KATHMANDU, March 6: Chinese authorities in Tibet Autonomous Region (TAR) have given protesting monks until March 8 to return to Jesho Baikar monastery or face “serious consequences,” Tibetan sources say.
The monks left to protest pro-Chinese “patriotic education” campaigns launched after a major clash between Tibetan nomads and police in the area on Nov. 20, the sources said.
“All the monks from Jesho Baikar monastery who left after the incidents of Nov. 19-20 were ordered by the local Chinese authorities to return by March 8, 2008, or face serious consequences,” one source told RFA's Tibetan service.
The source, who asked not to be identified, said many monks left Baikar and joined Sera and Drepung monasteries in the Tibetan capital, Lhasa.
“Chinese work teams tried to conduct a patriotic campaign in Baikar monastery, but the monks were uncooperative and many refused to comply—they started abandoning the monastery. About 50 armed police were stationed at the monastery, along with a contingent of work-team members, to enforce the campaign."
“The monks were ordered to condemn His Holiness the Dalai Lama, abandon his photos, and stop listening to RFA...and to radio [broadcasts] from India. Listening is considered a political activity against the government, and the monks were threatened with life imprisonment,” another source said.
“One young monk...suffered a breakdown under this harassment and threat. These work teams who conduct patriotic campaigns were stationed at the monastery for about a month and armed police are still stationed there.”
Twenty-two Tibetans—10 monks and 12 laypeople—remain in detention following the Nov. 20 clash, the sources said.
The clash began in a disagreement between three monks from Jesho Baikar monastery and a Chinese shopkeeper in Baikar (in Chinese, Baiga Shang), Nagchu (in Chinese, Naqu) prefecture.
Nomads demanded release
Police were said to have fired eight rounds of warning shots. One monk was sentenced to two years in jail, one monk to three years, and a third monk to two years. The 12 laypeople are awaiting sentencing, the sources said.
No comment was available from local authorities.
A 14-year-old monk, Tsering Gyaltsen, was wearing a photo of the Dalai Lama around his neck when he was detained, and police beat him severely after he refused to denounce the exiled Tibetan leader.
He was denied medical attention and left in the courtyard of a government building in Baikar town, along with around 50 other Tibetan nomads who went there demanding the monks’ release, the source said.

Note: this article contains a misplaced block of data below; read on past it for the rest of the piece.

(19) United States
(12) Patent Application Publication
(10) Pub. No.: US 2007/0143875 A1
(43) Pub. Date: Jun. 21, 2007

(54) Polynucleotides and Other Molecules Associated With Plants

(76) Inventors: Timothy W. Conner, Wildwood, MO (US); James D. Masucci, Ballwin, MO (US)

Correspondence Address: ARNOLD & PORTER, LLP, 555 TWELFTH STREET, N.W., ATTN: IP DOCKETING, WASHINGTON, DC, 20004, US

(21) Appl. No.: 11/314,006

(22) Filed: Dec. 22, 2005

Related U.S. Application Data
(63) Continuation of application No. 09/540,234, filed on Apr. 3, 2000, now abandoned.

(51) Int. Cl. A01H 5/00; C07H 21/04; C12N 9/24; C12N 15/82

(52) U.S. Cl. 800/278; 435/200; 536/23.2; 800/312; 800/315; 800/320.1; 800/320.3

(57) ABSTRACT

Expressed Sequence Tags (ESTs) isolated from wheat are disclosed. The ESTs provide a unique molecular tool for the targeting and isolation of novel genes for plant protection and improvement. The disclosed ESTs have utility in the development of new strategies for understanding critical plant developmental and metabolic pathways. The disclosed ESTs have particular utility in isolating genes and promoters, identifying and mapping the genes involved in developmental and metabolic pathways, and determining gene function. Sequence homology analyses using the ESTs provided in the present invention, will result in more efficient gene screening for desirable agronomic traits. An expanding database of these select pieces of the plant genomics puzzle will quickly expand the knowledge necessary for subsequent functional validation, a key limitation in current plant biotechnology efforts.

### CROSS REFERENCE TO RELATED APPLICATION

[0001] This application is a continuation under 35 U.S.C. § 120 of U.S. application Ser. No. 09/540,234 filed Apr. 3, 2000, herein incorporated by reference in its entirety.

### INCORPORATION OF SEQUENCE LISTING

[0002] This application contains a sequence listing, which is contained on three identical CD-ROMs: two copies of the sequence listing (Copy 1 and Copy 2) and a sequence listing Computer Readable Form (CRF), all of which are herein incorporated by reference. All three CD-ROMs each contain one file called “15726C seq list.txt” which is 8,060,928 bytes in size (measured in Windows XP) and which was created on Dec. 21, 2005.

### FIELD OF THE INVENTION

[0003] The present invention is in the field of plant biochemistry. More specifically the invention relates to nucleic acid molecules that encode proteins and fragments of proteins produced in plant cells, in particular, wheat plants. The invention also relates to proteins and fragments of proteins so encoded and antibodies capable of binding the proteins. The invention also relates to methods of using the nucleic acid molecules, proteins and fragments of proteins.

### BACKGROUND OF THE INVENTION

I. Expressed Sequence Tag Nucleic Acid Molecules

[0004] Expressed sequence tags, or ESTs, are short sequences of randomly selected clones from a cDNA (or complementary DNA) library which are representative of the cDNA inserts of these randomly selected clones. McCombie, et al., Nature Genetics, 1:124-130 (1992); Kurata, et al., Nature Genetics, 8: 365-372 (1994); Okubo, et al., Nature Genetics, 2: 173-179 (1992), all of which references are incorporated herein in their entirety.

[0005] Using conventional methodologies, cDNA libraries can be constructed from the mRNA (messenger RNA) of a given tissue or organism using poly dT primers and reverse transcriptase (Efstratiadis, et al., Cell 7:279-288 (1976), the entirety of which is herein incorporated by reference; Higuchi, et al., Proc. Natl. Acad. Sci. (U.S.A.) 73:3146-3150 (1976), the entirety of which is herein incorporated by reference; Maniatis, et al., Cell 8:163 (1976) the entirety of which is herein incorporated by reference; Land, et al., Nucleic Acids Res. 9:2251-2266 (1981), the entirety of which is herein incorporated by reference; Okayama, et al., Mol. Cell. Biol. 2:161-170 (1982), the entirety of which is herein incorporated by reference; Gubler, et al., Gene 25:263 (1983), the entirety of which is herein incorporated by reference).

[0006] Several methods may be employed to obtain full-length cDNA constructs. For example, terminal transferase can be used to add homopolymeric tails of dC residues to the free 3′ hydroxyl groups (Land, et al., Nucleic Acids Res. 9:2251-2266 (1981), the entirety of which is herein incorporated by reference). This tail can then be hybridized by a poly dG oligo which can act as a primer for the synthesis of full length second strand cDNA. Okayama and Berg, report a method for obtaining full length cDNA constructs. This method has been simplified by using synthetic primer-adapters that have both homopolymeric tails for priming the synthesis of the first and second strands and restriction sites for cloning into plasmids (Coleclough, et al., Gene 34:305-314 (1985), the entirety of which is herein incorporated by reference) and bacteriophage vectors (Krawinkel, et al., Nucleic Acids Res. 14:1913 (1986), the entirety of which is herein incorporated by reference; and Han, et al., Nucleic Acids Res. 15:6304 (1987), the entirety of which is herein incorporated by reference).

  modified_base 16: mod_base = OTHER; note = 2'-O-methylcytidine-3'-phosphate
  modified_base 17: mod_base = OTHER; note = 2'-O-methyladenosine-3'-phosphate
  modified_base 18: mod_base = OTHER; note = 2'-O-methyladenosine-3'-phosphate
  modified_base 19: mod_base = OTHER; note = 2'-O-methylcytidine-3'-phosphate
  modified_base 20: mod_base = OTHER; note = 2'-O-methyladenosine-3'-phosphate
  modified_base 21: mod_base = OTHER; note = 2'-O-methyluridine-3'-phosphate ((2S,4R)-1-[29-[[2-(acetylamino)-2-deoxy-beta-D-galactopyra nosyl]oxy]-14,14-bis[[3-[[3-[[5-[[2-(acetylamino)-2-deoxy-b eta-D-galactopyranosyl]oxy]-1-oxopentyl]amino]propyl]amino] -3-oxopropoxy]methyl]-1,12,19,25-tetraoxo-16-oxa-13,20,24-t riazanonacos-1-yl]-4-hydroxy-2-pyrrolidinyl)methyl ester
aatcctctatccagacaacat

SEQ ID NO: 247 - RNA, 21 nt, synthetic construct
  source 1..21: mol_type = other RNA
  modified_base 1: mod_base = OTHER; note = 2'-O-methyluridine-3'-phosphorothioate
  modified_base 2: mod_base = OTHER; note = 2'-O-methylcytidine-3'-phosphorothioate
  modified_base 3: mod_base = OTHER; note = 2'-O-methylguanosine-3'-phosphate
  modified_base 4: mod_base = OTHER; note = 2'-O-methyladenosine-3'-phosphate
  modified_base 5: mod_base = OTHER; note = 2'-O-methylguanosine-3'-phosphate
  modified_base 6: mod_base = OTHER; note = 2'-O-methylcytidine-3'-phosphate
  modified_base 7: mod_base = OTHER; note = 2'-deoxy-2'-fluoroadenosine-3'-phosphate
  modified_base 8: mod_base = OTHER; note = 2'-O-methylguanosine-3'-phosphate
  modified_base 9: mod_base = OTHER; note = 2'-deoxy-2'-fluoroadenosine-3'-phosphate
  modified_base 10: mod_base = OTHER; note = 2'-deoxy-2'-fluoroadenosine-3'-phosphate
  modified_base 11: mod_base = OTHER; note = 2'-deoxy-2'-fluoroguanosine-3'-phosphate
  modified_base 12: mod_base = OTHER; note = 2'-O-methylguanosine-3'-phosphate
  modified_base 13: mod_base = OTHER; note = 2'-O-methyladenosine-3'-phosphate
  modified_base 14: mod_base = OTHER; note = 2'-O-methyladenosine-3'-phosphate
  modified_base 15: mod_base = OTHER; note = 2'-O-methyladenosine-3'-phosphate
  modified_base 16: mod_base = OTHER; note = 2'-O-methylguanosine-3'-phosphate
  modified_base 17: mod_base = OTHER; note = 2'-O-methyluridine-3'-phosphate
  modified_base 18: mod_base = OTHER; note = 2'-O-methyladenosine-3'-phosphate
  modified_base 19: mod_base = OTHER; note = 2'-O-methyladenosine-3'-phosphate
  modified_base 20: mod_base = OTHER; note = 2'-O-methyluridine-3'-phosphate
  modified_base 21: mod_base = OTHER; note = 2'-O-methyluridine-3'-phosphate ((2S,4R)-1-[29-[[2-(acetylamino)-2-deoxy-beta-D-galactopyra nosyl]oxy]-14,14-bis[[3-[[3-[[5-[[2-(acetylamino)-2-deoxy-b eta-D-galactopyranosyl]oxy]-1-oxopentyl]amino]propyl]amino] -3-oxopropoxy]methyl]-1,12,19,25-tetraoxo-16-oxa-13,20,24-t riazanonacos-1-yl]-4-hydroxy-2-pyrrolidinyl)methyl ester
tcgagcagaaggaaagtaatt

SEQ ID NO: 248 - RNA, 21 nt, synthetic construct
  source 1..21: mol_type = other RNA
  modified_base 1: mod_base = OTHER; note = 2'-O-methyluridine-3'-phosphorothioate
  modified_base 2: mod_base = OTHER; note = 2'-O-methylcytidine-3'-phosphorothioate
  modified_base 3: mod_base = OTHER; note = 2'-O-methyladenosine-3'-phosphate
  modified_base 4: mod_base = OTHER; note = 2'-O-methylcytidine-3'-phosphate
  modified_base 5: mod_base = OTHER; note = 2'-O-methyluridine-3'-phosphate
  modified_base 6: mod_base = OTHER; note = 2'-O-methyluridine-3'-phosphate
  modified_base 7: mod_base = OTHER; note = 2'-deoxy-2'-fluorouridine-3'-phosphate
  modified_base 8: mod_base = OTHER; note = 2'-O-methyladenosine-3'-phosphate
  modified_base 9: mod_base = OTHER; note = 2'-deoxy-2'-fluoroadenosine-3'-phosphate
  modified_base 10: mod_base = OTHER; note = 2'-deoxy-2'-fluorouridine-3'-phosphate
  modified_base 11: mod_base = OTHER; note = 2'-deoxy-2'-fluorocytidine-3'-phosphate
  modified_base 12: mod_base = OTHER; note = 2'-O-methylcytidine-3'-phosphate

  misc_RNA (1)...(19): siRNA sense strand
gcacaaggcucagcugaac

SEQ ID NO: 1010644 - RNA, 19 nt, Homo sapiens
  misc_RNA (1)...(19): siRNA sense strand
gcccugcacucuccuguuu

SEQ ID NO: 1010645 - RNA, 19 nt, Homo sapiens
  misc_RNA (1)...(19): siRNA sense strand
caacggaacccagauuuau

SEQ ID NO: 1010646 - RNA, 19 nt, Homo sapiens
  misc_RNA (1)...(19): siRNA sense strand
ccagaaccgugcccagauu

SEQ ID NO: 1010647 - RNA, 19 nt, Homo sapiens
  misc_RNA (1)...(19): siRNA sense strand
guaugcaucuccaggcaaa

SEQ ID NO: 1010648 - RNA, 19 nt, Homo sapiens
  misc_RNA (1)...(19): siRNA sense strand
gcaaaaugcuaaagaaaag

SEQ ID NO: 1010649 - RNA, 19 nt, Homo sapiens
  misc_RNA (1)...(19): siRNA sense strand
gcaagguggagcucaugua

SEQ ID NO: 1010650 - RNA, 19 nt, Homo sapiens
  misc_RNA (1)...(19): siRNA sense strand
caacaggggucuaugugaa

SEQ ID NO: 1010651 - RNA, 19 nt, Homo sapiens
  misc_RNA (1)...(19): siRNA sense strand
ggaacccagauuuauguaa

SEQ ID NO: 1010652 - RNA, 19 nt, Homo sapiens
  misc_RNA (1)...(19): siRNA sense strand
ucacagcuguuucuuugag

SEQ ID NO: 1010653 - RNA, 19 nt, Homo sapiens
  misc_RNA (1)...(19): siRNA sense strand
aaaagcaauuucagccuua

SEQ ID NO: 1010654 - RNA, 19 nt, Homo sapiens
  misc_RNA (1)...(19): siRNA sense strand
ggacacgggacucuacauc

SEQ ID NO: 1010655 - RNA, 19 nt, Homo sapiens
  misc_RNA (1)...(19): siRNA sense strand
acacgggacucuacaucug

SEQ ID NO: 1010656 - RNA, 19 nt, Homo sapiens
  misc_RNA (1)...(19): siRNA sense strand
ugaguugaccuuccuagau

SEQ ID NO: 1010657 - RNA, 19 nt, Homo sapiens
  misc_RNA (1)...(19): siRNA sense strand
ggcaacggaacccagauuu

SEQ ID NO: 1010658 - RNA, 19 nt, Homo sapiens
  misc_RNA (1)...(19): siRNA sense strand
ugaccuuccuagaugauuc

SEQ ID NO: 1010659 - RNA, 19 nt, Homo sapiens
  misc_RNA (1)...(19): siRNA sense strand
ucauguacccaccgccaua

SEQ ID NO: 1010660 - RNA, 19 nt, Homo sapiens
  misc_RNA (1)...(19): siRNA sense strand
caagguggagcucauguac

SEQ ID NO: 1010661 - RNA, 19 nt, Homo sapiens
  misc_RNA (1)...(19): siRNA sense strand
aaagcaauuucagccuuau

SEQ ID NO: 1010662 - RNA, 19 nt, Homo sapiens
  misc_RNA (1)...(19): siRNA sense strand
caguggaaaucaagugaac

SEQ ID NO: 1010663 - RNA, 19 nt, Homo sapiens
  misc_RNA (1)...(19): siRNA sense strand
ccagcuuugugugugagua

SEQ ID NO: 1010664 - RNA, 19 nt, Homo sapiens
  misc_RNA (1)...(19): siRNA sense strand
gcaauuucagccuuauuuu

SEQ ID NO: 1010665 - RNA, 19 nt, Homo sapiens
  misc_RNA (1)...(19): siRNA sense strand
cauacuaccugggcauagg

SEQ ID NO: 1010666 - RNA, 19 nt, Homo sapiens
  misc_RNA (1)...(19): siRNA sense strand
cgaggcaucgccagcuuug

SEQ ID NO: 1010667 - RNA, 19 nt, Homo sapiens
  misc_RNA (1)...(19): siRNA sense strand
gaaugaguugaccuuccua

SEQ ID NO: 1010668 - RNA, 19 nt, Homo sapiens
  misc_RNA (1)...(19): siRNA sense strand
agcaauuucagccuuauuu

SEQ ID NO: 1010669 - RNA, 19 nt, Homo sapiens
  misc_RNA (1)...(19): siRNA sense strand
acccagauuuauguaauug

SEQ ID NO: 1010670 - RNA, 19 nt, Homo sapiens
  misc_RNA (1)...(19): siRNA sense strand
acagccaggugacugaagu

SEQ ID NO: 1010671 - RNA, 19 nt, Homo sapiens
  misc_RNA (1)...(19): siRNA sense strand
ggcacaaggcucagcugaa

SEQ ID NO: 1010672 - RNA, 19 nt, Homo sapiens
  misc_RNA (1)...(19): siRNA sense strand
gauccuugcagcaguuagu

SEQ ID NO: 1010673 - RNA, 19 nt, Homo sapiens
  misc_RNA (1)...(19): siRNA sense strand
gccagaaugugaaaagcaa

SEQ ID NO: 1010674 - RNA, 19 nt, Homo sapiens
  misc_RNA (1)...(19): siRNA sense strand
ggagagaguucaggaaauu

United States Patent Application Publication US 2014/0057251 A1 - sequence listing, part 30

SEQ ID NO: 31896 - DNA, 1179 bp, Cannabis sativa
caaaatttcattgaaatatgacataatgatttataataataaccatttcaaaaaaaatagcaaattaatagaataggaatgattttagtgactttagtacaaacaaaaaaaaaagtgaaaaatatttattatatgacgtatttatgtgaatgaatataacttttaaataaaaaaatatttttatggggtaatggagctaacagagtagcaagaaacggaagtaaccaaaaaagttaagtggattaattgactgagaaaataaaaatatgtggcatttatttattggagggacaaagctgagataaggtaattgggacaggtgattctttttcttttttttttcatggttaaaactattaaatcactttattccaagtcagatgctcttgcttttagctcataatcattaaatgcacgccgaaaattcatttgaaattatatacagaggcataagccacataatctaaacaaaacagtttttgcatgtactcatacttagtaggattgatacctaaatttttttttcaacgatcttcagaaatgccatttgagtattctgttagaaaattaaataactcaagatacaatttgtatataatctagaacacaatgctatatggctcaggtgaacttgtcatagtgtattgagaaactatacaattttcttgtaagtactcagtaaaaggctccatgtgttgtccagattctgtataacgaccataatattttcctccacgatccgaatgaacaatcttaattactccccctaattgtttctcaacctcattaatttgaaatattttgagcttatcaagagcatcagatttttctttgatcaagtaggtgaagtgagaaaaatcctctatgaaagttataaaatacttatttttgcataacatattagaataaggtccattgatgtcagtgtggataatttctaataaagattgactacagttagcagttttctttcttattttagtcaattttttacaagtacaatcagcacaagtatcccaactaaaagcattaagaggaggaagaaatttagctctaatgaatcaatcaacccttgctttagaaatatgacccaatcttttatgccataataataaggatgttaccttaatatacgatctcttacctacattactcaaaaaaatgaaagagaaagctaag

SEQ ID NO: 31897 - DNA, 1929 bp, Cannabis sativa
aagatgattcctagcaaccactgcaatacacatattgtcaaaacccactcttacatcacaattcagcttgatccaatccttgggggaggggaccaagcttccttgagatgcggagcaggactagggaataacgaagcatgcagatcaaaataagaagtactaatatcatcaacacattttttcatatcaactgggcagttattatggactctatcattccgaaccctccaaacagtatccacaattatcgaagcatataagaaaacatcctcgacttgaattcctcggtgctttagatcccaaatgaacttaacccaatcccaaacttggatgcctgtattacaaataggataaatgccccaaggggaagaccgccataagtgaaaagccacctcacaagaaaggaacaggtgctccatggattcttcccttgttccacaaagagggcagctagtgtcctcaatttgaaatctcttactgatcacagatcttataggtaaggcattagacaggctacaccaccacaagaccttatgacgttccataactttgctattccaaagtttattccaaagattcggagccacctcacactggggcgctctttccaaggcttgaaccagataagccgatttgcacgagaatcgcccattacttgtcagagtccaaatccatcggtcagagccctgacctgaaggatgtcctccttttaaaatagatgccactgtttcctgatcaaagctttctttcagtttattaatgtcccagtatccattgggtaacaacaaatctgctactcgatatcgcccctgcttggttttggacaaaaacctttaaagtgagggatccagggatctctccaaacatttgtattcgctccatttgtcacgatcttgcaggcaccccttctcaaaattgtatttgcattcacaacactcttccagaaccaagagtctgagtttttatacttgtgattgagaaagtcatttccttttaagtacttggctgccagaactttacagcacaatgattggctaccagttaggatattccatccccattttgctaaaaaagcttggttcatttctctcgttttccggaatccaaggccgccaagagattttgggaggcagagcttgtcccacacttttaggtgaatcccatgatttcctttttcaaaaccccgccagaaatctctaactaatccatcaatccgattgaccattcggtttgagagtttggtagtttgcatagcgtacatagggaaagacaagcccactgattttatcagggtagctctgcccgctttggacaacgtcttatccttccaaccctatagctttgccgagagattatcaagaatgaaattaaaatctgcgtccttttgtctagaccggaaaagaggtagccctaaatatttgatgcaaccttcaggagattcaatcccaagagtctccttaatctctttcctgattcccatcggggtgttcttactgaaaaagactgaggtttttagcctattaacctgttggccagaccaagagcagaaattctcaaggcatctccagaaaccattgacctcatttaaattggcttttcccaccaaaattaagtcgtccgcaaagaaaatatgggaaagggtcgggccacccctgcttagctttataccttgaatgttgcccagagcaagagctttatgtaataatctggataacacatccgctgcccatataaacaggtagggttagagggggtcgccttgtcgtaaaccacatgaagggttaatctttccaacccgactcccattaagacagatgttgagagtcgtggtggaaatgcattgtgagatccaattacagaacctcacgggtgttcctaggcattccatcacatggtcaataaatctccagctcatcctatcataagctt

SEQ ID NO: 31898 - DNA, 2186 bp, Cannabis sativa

Freedom of religion guaranteed by law
Several hundred Tibetan nomads gathered in Baikar to appeal for the monks’ release late on Nov. 20, but police refused to free them, sources said. The crowd became violent, ransacking official buildings and vehicles, and hundreds of armed police were deployed to their area.
Clashes followed, and an unknown number of people were injured. Police detained six Tibetans. The next morning, Nov. 21, the crowd of Tibetan protesters had grown to nearly 1,000, according to witnesses.
A county official contacted by telephone in November confirmed that the clashes had occurred and said “county officials went to the area,” although he said he couldn't provide any details.
The incident follows several months of escalating tensions in Tibetan areas of western China, with Chinese authorities taking a tougher line against what they regard as ethnic “splittism,” or resistance to Chinese rule.
In December, two more monks were detained after refusing to sign criticisms of the Dalai Lama and then refusing to pay a 10,000 yuan fine, a source said at the time.
Sources in the area, including former monastery employees, said most of the estimated 180 monks left the monastery in protest in early December. The monastery has remained mostly deserted since then, they said.
In its 2007 report on international religious freedom, the U.S. State Department noted that while the Chinese Constitution provides for freedom of religion, “it limits protection of the exercise of religious belief to activities which the Government defines as ‘normal.’”
In 2007, the government “maintained tight controls on religious practices and places of worship. Although the authorities permitted many traditional religious practices and public manifestations of belief, they promptly and forcibly suppressed activities they viewed as vehicles for political dissent or advocacy of Tibetan independence, such as religious activities venerating the Dalai Lama (which the Government described as ‘splittist’).”
Original reporting in Kham by Tseten Dolkar, Dawa Dolma, and Tsewang Norbu. RFA Tibetan service director: Jigme Ngapo. Translated by Karma Dorjee. Written and produced in English by Sarah Jackson-Han.